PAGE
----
Linked by Thom Holwerda on Wed 24th May 2017 23:03 UTC
Amiga & AROS

Ars reviews the Amiga X5000, and concludes:

The X5000 is different. It feels like an exotic car: expensive, beautifully engineered, and unique. If you bought one, you'd be one of a proud few, a collector and enthusiast. It practically begs for you to dig in and tinker with the internals - the system comes with an SDK, a C compiler, Python, and a huge amount of documentation for things like MUI, the innovative GUI library. On top of that, there is the mysterious XMOS chip, crying out for someone to create software that leverages its strengths. It feels like a developer’s machine.

Should you buy one? That depends very much on what your needs are. If you are simply after the best price-to-performance ratio for a desktop computer, this is not the machine for you. But if you are interested in something very different, something that is pleasant and fun to use, and yet can still be used for modern desktop workloads, then the X5000 is worth a look. I have had this review unit on my desktop for over a month now, and frankly I don’t want to give it back.

I reviewed the sam440ep with AmigaOS 4 way back in 2009, and came to a relatively similar conclusion - these machines are a ton of fun, but they're just prohibitively expensive, meaning only existing AmigaOS users will really get their hands on these. They really, really need a more accessible machine or board - a few hundred Euros, tops.

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The problem with review units
by karunko on Thu 25th May 2017 19:43 UTC
karunko
Member since:
2008-10-28

I have had this review unit on my desktop for over a month now, and frankly I don’t want to give it back.

Bingo! I always wonder how many journalists would be as impressed with the item being reviewed if they had to pay for it. I mean, how could you even figure if you're getting good value for money when the price is zero?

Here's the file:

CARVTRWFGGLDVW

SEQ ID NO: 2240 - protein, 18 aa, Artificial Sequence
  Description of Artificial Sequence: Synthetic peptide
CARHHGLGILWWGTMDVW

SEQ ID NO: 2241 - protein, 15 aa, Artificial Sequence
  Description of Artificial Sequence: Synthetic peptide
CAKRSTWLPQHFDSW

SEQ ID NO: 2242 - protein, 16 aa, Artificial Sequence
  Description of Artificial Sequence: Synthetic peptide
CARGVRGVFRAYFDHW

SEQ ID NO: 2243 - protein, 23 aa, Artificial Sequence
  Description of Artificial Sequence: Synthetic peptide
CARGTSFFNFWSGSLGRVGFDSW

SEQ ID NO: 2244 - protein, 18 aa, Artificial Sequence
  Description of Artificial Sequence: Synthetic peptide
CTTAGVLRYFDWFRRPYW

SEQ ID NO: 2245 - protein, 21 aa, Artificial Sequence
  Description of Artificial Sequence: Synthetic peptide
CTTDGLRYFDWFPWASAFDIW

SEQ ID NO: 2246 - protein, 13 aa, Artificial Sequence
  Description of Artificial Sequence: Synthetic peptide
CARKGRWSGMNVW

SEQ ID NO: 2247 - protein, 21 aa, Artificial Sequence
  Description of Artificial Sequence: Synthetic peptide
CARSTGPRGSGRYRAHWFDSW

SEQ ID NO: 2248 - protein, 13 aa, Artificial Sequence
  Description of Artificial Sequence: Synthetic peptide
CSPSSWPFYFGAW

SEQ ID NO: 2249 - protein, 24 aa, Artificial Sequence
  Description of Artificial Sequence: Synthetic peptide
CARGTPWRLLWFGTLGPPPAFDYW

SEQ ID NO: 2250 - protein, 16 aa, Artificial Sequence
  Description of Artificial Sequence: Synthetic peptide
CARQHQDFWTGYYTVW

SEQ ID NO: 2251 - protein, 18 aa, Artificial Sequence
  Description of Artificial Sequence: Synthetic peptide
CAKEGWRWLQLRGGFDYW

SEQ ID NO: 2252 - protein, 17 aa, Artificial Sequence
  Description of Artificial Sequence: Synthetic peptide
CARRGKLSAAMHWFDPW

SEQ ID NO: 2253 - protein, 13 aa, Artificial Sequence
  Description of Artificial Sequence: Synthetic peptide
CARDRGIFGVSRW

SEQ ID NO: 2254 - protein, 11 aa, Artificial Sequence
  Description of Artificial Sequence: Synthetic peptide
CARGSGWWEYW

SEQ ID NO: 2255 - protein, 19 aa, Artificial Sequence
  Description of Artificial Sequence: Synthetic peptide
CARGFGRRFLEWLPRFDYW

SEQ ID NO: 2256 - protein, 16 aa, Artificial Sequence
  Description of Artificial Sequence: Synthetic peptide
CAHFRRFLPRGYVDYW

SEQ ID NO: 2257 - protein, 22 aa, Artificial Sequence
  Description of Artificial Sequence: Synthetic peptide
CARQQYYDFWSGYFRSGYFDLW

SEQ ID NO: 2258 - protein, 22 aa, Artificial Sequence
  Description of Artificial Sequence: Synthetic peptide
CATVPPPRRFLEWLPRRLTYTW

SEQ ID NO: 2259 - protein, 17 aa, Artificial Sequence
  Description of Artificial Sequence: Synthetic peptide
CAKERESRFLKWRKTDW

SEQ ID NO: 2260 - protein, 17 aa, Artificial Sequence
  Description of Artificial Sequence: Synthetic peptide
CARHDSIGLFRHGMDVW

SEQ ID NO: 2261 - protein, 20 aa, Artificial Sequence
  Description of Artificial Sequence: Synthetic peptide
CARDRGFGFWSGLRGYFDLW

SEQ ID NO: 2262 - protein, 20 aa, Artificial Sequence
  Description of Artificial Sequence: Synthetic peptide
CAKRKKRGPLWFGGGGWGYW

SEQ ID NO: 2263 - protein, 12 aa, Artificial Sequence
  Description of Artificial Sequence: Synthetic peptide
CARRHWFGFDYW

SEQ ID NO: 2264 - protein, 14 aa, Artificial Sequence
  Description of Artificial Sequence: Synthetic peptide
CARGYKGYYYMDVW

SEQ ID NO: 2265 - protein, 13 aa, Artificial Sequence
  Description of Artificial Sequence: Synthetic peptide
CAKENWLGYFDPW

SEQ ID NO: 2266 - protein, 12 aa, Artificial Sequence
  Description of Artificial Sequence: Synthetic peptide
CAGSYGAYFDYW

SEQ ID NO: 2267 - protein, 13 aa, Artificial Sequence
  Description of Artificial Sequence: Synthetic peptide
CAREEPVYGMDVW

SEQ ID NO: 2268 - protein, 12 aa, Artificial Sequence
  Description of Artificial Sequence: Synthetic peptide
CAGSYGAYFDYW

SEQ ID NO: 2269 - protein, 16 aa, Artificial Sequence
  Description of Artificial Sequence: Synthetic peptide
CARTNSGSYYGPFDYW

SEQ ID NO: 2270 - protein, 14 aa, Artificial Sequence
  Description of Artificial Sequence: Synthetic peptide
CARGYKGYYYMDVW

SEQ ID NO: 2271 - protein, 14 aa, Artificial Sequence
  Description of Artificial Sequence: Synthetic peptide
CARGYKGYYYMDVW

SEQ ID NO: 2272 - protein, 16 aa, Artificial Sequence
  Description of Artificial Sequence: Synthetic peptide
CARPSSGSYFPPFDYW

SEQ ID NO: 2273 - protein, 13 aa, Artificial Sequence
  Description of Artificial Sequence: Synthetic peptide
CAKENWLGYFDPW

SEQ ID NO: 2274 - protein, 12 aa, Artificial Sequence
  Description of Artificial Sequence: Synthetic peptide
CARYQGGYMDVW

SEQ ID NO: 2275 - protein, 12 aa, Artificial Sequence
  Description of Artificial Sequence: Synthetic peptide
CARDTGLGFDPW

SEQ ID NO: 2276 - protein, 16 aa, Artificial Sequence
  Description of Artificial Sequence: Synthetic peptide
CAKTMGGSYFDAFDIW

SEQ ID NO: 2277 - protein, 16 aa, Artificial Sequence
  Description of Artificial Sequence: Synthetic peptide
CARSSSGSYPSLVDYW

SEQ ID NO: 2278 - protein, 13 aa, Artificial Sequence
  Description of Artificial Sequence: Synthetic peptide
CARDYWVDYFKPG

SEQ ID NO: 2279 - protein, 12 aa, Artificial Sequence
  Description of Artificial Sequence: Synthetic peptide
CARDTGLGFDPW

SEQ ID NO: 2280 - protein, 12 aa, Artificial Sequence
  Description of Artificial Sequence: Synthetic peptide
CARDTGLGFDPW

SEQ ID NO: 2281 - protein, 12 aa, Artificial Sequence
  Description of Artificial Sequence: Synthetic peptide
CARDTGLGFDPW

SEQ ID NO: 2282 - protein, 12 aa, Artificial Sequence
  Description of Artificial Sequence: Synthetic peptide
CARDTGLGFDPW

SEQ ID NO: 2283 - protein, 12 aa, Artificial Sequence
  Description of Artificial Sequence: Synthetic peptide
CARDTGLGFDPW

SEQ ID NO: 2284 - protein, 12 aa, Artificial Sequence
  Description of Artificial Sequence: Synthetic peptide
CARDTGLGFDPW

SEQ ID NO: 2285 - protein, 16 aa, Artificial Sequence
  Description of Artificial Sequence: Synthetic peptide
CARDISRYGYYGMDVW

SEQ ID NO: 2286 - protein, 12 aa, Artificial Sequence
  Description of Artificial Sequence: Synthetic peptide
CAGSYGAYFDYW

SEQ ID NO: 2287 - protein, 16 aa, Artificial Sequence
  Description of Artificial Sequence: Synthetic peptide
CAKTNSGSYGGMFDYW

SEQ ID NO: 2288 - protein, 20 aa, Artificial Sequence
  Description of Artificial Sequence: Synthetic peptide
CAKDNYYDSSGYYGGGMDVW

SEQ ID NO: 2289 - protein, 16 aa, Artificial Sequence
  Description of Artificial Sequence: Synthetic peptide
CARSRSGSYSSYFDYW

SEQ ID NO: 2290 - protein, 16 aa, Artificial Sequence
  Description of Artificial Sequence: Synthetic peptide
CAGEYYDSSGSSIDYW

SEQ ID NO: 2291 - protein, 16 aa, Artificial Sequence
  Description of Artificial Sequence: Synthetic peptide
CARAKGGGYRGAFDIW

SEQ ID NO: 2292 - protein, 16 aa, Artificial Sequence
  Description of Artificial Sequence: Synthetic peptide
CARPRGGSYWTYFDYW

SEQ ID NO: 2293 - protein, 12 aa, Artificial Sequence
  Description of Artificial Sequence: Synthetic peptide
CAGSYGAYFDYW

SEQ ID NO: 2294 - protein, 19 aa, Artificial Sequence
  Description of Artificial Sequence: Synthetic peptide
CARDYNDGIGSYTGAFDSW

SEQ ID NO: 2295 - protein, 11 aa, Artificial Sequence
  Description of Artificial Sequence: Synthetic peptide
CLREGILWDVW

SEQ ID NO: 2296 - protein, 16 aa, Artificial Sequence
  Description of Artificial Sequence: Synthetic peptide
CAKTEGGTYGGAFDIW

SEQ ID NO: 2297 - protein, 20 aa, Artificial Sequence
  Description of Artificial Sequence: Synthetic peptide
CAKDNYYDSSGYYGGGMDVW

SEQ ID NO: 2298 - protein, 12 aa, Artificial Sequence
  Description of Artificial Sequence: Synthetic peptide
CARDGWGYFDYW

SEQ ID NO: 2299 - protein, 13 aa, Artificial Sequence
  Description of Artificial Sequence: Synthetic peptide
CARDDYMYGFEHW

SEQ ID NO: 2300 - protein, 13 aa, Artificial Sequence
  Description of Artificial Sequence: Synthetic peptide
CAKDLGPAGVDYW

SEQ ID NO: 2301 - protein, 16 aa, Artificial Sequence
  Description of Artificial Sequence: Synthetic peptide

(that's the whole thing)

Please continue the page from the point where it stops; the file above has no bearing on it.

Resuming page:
Reality check: almost 2 friggin' thousand dollars for that machine?!? For that kind of money you could get a kick-ass PC, probably a 4K display too, and run WinUAE (which you have to do anyway) to have the same, nay, better product: an AMIGA *and* a PC that you could actually use to get things done.

Yes, I know. It wouldn't be an AMIGA but, as someone else also noted, the X5000 isn't an AMIGA either -- even if it feels like "an exotic car" -- because the real AMIGA never ran on PowerPC, had custom chips to do its magic and, since it didn't have memory protection, you could break a lot of rules to pull all sort of nifty tricks if you had the know how.

The sad truth is that the AMIGA, the real one, is long dead. It was good (really good) while it lasted but it's time to let it rest and, at least in my opinion, to steer clear of these lame attempts at making money from people stricken with nostalgia -- but I'm sure that calling them "collectors and enthusiasts" is enough to make it okay and not a rip-off.


RT.

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